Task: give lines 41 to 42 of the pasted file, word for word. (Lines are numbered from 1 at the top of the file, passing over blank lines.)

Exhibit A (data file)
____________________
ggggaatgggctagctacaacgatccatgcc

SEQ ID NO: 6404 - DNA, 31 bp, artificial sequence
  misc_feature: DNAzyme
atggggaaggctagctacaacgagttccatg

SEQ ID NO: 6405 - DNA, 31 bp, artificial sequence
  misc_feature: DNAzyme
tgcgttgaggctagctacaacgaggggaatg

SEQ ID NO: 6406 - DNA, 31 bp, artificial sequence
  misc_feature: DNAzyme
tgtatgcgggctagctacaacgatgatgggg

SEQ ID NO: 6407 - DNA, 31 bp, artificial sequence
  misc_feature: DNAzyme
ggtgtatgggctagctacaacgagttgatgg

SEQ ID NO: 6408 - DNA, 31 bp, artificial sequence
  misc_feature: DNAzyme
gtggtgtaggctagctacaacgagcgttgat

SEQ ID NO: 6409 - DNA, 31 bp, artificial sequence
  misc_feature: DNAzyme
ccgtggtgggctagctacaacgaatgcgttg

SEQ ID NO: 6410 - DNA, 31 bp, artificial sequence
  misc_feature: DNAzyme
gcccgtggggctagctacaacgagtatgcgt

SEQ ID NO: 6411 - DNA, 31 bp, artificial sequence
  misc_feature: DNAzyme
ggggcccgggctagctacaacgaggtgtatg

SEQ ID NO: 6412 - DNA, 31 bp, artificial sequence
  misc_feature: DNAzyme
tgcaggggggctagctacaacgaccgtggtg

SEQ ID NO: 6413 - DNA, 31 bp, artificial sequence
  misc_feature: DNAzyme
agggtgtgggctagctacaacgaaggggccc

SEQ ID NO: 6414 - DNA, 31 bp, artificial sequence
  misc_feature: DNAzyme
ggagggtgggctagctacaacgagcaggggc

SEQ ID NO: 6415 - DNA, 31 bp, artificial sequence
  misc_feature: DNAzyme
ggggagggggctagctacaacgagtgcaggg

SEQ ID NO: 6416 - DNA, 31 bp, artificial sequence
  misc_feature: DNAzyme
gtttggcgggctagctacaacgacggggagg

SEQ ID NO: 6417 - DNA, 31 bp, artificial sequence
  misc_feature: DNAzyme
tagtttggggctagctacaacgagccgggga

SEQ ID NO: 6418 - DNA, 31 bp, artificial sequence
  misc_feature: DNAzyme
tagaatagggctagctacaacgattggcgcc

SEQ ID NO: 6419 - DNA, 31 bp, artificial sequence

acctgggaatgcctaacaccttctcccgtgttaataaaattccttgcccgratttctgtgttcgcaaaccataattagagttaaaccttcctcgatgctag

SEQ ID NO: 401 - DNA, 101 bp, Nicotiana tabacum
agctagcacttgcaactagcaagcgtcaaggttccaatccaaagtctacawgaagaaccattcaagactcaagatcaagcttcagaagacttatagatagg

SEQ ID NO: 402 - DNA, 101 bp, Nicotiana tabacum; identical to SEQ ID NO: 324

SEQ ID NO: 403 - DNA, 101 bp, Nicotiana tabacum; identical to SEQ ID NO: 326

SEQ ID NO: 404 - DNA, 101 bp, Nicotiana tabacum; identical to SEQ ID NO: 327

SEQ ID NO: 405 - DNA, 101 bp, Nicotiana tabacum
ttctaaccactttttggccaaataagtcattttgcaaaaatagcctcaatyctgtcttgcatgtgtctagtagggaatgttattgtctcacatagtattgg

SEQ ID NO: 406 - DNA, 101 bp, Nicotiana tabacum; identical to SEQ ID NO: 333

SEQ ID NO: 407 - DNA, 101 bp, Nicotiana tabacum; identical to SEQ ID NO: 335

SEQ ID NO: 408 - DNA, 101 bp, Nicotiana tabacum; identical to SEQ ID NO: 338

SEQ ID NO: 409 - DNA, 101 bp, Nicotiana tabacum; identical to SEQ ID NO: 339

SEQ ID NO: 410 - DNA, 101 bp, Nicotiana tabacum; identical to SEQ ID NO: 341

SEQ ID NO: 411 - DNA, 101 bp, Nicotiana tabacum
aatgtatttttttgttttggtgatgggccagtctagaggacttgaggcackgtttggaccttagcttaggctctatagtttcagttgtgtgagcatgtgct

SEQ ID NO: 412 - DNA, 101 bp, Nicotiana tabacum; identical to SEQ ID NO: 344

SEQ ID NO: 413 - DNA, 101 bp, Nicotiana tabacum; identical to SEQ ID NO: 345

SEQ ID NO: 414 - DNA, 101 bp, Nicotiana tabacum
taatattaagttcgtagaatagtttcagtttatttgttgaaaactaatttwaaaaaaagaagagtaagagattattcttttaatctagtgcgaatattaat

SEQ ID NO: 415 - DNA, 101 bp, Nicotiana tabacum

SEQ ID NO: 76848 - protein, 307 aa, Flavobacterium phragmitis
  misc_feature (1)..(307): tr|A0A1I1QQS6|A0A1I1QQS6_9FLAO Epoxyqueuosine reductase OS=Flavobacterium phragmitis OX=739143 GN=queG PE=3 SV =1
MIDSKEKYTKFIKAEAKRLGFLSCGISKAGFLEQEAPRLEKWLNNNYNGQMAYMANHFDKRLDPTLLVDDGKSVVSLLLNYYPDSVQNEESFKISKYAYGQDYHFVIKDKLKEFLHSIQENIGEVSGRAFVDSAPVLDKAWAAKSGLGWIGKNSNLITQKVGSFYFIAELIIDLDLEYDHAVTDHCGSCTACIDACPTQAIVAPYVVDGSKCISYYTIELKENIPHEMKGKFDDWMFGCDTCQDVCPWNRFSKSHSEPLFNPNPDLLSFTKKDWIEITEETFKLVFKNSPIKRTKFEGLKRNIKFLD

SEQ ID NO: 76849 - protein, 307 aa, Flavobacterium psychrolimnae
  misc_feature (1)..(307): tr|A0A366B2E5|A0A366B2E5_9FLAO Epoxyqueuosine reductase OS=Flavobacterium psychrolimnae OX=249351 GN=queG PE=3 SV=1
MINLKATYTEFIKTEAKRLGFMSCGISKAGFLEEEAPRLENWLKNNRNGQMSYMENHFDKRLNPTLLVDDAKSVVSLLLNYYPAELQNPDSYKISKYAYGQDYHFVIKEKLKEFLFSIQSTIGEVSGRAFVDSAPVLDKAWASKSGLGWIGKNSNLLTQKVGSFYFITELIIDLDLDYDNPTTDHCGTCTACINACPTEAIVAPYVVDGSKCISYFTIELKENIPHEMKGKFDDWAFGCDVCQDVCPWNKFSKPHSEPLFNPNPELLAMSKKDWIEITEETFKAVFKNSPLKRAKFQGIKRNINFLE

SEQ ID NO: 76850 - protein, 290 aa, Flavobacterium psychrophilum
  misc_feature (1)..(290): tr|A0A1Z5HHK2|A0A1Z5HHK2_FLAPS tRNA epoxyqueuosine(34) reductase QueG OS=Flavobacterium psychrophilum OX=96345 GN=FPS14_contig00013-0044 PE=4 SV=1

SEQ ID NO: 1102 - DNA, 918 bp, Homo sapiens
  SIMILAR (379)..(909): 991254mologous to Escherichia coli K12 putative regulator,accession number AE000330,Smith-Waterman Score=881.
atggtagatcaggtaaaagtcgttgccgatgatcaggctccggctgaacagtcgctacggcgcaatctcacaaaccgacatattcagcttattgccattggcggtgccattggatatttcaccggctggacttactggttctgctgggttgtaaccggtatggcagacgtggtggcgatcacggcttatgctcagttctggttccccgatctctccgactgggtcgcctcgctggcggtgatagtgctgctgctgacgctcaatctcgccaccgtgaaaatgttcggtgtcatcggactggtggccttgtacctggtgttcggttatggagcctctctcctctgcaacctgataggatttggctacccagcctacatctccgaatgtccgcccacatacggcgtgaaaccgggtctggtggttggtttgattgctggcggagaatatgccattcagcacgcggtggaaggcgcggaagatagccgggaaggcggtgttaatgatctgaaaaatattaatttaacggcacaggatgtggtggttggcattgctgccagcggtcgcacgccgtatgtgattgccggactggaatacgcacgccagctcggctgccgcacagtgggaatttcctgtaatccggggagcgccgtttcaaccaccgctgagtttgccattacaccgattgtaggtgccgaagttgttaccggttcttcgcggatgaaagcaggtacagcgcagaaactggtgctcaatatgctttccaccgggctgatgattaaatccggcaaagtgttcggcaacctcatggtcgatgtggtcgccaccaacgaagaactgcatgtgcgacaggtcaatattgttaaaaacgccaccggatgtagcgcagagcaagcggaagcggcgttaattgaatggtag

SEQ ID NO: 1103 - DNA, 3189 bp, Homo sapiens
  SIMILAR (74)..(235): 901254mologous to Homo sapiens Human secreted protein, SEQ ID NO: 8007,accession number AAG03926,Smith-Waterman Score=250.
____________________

SEQ ID NO: 6417 - DNA, 31 bp, artificial sequence
  misc_feature: DNAzyme